S&P Drops U.S Rating to AA, Fannie & Freddie Follow: 5 Easy-to-Understand Effects of a Downgrade

A lower U.S. debt rating is likely to hit the govt. -- and you -- in the wallet.

August 5, 2011, 9:57 PM

Aug. 8, 2011 — -- So it's happened -- right or wrong: a downgrade of Uncle Sam's credit for the first time in history.

Standard & Poor's announced Monday that it was also downgrading the credit of Fannie Mae and Freddie Mac one notch, to AA+ from AAA, its very highest rating. The two agencies guarantee or own more than half the $5 trillion in home loans in the U.S.

The announcement followed S&P's downgrade of the government's debt on Friday evening, but the U.S. stock markets -- already spooked by Friday's news --reacted negatively anyhow.

For more on Standard & Poor's downgrade on U.S. long term debt, click here.

"The downgrades of Fannie Mae and Freddie Mac reflect their direct reliance on the U.S. government," said Standard & Poor's in a statement.

The downgrading of Fannie and Freddie "was inevitable," said Robert Litan, a former Clinton administration budget official who is now vice president for research and policy at the Kauffman Group. "If the U.S. government is downgraded it follows logically they would have to be downgraded too."

What's next, asked Litan?

"The states and locality ratings will be next because of the interest rates benchmarked against U.S. treasuries so there is a linkage between that debt," he said. "In an environment of budget austerity this is not good for states and localities. This will trigger another closer look at state and local finances. Some states that were in in trouble already and some in the bubble."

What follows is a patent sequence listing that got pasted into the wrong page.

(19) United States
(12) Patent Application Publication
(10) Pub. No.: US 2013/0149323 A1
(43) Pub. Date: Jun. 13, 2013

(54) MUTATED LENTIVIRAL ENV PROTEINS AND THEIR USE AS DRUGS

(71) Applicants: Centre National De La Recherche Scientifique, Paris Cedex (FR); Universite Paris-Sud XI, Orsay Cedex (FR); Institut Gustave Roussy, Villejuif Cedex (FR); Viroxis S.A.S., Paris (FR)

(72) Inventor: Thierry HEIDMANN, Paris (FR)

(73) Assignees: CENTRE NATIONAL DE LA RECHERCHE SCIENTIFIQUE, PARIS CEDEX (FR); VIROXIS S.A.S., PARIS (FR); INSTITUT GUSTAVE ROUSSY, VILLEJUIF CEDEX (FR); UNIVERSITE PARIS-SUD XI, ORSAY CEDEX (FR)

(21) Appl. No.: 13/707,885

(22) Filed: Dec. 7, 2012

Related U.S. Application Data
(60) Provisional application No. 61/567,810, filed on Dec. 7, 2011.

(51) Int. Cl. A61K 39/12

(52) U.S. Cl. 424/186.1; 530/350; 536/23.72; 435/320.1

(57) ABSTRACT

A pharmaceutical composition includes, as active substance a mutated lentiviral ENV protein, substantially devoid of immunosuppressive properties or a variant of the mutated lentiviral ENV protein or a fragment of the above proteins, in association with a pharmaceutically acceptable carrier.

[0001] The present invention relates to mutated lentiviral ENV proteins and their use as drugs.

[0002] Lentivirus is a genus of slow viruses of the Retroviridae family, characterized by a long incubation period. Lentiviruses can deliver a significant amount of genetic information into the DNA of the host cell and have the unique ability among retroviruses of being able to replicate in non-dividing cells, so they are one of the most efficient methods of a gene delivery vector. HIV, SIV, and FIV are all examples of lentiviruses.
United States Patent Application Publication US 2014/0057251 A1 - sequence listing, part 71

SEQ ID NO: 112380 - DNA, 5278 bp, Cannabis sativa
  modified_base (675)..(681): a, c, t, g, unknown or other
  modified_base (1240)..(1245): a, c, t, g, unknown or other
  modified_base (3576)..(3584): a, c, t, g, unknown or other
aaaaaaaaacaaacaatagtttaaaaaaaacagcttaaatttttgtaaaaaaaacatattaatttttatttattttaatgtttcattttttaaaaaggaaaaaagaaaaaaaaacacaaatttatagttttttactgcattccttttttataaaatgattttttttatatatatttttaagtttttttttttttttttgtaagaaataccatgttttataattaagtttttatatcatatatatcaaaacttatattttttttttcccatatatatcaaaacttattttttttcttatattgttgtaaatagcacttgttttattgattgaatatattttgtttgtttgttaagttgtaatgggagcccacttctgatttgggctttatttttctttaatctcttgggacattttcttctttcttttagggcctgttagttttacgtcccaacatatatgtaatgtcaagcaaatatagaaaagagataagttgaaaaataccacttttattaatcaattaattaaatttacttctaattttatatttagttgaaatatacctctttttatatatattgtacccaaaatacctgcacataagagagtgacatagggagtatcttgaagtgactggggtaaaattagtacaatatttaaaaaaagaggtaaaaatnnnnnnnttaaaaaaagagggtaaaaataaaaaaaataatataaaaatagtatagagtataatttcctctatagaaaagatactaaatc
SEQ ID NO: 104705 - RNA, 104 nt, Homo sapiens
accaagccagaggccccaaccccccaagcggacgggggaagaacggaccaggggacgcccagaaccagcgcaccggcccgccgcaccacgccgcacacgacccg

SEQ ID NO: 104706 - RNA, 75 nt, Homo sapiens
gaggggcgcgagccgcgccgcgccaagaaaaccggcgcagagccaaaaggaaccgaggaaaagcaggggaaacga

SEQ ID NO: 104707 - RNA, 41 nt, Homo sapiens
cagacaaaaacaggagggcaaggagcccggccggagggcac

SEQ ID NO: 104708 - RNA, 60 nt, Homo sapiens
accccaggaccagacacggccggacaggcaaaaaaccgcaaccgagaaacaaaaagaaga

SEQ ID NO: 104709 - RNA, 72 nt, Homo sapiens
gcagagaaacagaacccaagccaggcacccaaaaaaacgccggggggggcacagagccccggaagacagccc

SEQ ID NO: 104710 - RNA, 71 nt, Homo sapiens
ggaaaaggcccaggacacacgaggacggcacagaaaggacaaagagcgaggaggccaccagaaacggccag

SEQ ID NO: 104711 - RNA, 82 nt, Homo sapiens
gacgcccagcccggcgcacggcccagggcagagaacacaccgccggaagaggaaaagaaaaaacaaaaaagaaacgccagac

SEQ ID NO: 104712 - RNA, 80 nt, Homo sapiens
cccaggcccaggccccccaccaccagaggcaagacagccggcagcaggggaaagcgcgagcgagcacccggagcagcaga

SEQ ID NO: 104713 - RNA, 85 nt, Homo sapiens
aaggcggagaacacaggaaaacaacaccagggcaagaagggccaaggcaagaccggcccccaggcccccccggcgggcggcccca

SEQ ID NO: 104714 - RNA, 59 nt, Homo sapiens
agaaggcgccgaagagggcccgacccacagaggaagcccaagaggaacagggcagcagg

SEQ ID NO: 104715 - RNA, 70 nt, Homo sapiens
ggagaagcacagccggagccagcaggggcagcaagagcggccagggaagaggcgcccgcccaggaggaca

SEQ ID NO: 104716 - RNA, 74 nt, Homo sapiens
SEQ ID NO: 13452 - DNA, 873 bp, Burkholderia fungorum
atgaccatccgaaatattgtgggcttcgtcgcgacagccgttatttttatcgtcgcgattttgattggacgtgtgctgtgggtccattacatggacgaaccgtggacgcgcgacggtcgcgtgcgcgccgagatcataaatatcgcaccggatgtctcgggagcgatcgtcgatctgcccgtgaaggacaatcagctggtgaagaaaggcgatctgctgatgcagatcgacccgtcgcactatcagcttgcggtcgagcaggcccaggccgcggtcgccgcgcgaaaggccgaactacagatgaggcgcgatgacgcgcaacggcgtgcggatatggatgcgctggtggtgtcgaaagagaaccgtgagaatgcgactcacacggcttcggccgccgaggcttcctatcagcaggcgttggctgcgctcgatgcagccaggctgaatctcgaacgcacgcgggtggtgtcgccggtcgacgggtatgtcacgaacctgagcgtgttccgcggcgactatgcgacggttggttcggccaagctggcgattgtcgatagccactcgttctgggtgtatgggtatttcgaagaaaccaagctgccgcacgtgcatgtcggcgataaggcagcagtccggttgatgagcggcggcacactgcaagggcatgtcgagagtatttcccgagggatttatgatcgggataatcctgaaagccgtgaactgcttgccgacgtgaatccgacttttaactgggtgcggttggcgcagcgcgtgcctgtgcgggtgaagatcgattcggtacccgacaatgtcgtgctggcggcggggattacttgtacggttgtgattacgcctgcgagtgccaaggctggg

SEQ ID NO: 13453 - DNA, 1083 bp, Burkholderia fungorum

Lots of people will be wondering what this means for the real economy and the stock market. Here's a quick primer based on ABC News' extensive reporting on the possibility of a downgrade -- five easy to understand effects:

1. The interest rates the government pays to finance the growing national debt will almost certainly rise as a result of the downgrade. That increases the amount of money Uncle Sam has to spend each year on "debt service." General market discussions have turned on an increase in rates that would up the annual tally by about $10 in the short-term and go up to $75 billion in additional costs in the coming years.

2. The interest rates YOU and YOUR EMPLOYER pay will go up. Basic credit facilities -- like mortgages, student loans and credit cards -- are all at least loosely tied to the rates the government pays. A half a percent increase in mortgage rates could increase the total cost of the average traditional mortgage by $19K (on a $172K home). Businesses would have to spend more money to finance expansions. Costs for borrowed money goes up, effectively raising the price of anything you're not paying for with cash.

3. Needless to say, increasing costs for consumers and businesses tends to slow their economic activity. Some estimates put a downgrade like this as likely to shave 1 percent off GDP. This slowing certainly increases the risks that the U.S. will have a second dip into recession. It also means less tax revenue, so the potential for additional debt increases.

4. As the economy slows, expect the stock market to react. After all, investors buy shares to get a piece of growing profits. A slowing economy means profits grow less rapidly or go down. The relative value of a share of anything will go down. Some experts predict a downgrade could force stocks to sell-off by 6 percent to 10 percent in short order. That's another 1,100 points on the Dow.

5. A slowdown in economic activity also means less demand for workers. The non-partisan group Third Way has published estimates that a simple 0.5 percent increase in interest rates could erase more than 640,000 jobs.